A software engineer in Canada recently created a 3D-printed replica of the adorable BB-8 robot from the new "Star Wars" movie. The force is strong with this one.
J.R. Bedárd was inspired to build his own version of the roly-poly robot after the real BB-8 droid (the one used in the film "Star Wars: The Force Awakens") took to the stage at Star Wars Celebration, a fan convention held in April in Anaheim, California. Fans like Bedárd were amazed that the bot — which has a half dome for a head and a spherical body that rolls over the ground — actually appeared in the film and that the robot was not the product of computer-generated imagery (CGI).
Once he saw that such an unusual-looking bot could be built, Bedárd said he couldn't resist making a (slightly modified) one for himself. ['Star Wars' Tech: 8 Sci-Fi Inventions and Their Real-Life Counterparts]
"I've completed a couple of 3D-printing projects before and wanted to create my own [remote-controlled] version of this droid, on wheels," Bedárd told Live Science in an email. "Being on wheels meant that I could add more 3D details and elements on the shell of the robot, as it doesn't need to be flat for rolling."
The BB-8 bot that inspired Bedárd is reminiscent of R2-D2, the oh-so-cute "astromech droid" with the beeping binary vocabulary that accompanies protagonists like Padmé Amidala, Luke Skywalker, Obie-Wan Kenobi and Princess Leia throughout the "Star Wars" universe. (Don't worry: R2 also appears in the new film.) But unlike R2-D2, this new droid doesn't roll around on wheels in the film; it has a ball-shaped body that spins around, and up top it has a half sphere for a head. Attached to the body by magnets, the head wobbles adorably as the bot rolls over the ground. (See a GIF of the bot in action.)
Recreating the round bot took a "3D printer and lots of patience," according to Bedárd, who said he spent about 50 hours building his BB-8 droid. The replica Bedárd created is only half the size of the real BB-8, but he used 656 feet (200 meters) of white plastic filament to 3D-printthe eight parts that make up this smaller version.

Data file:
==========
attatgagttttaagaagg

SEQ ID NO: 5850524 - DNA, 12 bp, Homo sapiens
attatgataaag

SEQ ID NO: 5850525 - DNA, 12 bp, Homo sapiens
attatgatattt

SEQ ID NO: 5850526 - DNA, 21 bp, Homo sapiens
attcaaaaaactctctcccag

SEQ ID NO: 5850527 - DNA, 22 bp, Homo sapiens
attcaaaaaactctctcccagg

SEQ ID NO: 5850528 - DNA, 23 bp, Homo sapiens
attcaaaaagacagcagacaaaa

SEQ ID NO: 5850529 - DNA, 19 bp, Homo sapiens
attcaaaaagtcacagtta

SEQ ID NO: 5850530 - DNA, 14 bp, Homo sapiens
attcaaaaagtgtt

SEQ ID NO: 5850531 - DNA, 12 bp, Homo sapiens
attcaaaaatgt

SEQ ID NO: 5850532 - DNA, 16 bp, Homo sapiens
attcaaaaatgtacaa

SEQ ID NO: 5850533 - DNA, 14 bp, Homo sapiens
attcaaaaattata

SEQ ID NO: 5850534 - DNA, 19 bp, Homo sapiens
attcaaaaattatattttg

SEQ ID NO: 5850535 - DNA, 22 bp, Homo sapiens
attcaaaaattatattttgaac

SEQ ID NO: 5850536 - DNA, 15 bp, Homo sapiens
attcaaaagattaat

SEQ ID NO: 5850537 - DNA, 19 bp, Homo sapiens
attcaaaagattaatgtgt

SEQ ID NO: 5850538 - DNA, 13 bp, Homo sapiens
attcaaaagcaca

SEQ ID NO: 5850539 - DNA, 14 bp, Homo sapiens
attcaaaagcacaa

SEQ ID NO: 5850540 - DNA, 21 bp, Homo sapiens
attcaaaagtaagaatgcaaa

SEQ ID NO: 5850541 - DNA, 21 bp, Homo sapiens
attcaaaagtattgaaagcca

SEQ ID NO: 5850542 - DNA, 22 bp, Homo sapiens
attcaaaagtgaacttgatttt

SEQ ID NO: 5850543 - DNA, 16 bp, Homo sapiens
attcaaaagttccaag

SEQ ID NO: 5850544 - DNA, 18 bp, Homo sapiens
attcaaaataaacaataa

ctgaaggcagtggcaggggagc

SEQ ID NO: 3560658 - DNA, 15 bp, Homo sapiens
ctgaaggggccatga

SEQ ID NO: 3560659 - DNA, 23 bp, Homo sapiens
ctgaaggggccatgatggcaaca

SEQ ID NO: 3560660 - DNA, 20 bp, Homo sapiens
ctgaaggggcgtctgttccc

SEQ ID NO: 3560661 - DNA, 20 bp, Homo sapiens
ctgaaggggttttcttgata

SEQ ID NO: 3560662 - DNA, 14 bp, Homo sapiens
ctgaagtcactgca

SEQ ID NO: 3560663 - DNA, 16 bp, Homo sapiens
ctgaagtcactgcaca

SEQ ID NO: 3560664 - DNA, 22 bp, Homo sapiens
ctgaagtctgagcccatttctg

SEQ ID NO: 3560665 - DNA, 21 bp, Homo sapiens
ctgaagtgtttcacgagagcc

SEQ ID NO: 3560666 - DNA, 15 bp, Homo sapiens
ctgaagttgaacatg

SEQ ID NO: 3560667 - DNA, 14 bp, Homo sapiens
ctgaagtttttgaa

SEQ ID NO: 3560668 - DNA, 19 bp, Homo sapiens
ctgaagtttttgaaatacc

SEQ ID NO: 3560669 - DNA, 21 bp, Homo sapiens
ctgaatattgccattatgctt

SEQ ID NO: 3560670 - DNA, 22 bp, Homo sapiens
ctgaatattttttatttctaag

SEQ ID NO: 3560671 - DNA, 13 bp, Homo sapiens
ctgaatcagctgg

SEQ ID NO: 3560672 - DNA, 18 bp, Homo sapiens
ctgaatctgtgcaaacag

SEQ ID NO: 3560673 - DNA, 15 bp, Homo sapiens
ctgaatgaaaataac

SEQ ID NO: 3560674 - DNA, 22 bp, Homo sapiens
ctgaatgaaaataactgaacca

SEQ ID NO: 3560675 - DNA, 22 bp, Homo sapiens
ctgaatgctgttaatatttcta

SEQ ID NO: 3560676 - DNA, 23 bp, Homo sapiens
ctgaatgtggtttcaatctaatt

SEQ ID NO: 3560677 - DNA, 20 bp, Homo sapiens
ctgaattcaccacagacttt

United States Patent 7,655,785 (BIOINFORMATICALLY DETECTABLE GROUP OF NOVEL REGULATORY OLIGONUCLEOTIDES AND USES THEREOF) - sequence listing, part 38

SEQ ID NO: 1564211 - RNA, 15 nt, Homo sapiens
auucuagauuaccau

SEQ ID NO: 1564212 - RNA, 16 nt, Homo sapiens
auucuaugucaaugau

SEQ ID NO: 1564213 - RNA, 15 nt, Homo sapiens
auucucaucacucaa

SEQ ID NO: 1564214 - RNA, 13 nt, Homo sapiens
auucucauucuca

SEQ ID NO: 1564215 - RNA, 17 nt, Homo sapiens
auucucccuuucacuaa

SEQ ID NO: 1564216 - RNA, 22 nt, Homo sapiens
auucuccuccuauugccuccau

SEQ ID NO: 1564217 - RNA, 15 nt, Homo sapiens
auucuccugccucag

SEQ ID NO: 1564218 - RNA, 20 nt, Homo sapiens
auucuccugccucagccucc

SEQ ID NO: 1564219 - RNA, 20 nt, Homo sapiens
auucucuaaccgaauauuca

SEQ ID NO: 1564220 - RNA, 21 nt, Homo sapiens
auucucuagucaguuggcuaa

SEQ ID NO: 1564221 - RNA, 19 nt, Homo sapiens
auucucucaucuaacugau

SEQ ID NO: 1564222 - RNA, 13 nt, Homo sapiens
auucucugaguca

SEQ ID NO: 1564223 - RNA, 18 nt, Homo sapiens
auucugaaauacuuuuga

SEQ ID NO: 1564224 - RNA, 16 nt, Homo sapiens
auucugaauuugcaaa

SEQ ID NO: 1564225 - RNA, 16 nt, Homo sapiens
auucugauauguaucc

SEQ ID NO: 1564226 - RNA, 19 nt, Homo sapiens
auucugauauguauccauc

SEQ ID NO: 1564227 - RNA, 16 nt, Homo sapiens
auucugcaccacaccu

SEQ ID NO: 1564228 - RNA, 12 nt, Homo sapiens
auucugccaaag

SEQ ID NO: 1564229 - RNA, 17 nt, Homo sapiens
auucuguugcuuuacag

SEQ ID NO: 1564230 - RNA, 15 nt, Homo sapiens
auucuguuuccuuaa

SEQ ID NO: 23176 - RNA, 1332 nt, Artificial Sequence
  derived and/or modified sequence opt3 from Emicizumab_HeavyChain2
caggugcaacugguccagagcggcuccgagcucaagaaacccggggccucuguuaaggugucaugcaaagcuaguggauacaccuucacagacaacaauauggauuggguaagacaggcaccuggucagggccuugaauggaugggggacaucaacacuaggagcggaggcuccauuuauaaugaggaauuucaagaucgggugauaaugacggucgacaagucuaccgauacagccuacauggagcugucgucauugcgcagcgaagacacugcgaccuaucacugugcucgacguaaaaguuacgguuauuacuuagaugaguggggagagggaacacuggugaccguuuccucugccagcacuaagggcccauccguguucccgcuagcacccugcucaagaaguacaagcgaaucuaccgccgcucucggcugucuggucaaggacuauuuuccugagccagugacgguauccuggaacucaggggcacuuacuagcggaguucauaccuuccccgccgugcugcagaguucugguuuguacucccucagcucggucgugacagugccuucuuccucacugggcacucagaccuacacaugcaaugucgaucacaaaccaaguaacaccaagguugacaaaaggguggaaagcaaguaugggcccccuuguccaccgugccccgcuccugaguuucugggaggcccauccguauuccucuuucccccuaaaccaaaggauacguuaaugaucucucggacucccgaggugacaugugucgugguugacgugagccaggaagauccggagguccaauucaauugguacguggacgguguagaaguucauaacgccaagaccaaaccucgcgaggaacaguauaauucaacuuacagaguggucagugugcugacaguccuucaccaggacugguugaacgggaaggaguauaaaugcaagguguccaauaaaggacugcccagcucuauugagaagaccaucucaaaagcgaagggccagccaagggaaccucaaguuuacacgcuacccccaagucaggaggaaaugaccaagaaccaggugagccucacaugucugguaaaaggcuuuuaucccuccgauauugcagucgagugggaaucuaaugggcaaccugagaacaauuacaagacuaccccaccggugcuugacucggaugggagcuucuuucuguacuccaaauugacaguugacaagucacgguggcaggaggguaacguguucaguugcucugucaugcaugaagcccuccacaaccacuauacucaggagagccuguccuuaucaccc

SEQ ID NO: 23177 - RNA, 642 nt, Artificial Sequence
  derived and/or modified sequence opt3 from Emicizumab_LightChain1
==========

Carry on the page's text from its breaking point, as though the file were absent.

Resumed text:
After printing BB-8's body and head, Bedárd brought the bot to life using self-balancing wheels and an Arduino microcontroller (a component that allows the bot to be controlled remotely). At some point, Bedárd said he'd like to make a BB-8 droid that rolls without wheels and has a magnetic, wobbly head like the film version of the robot. But for now, he has settled for adding other cool features to his creation — such as a slew of light-emitting diodes, or LEDs, that can be programmed to project different colors and visual effects.
To finish the bot, Bedárd gave it a fancy paint job using an assortment of orange and metallic nail polishes. That might sound like an odd design choice, but the engineer said the fingernail paint is "cheap and renders that thick, reflective look that acrylic [paints] can't." He also used an unconventional (but seasonally appropriate) material to build the droid's "eye" — the black, bulbous component on its head that lets the bot "see" the world. The mini BB-8's eye is made from half of a Christmas tree ornament, Bedárd said.
Right now, the industrious software engineer is "cleaning up" the BB-8 computer model so that he can share it online. Soon, he said, other "Star Wars" fans will be able to 3D-print the adorable droid at home.
Editor's Note: The instructions for how to build this 3D-printed BB-8 are not yet available online, but if this is the robot you're looking for, the popular Sphero BB-8 App-Enabled Remote Control Droid is available in the Live Science store.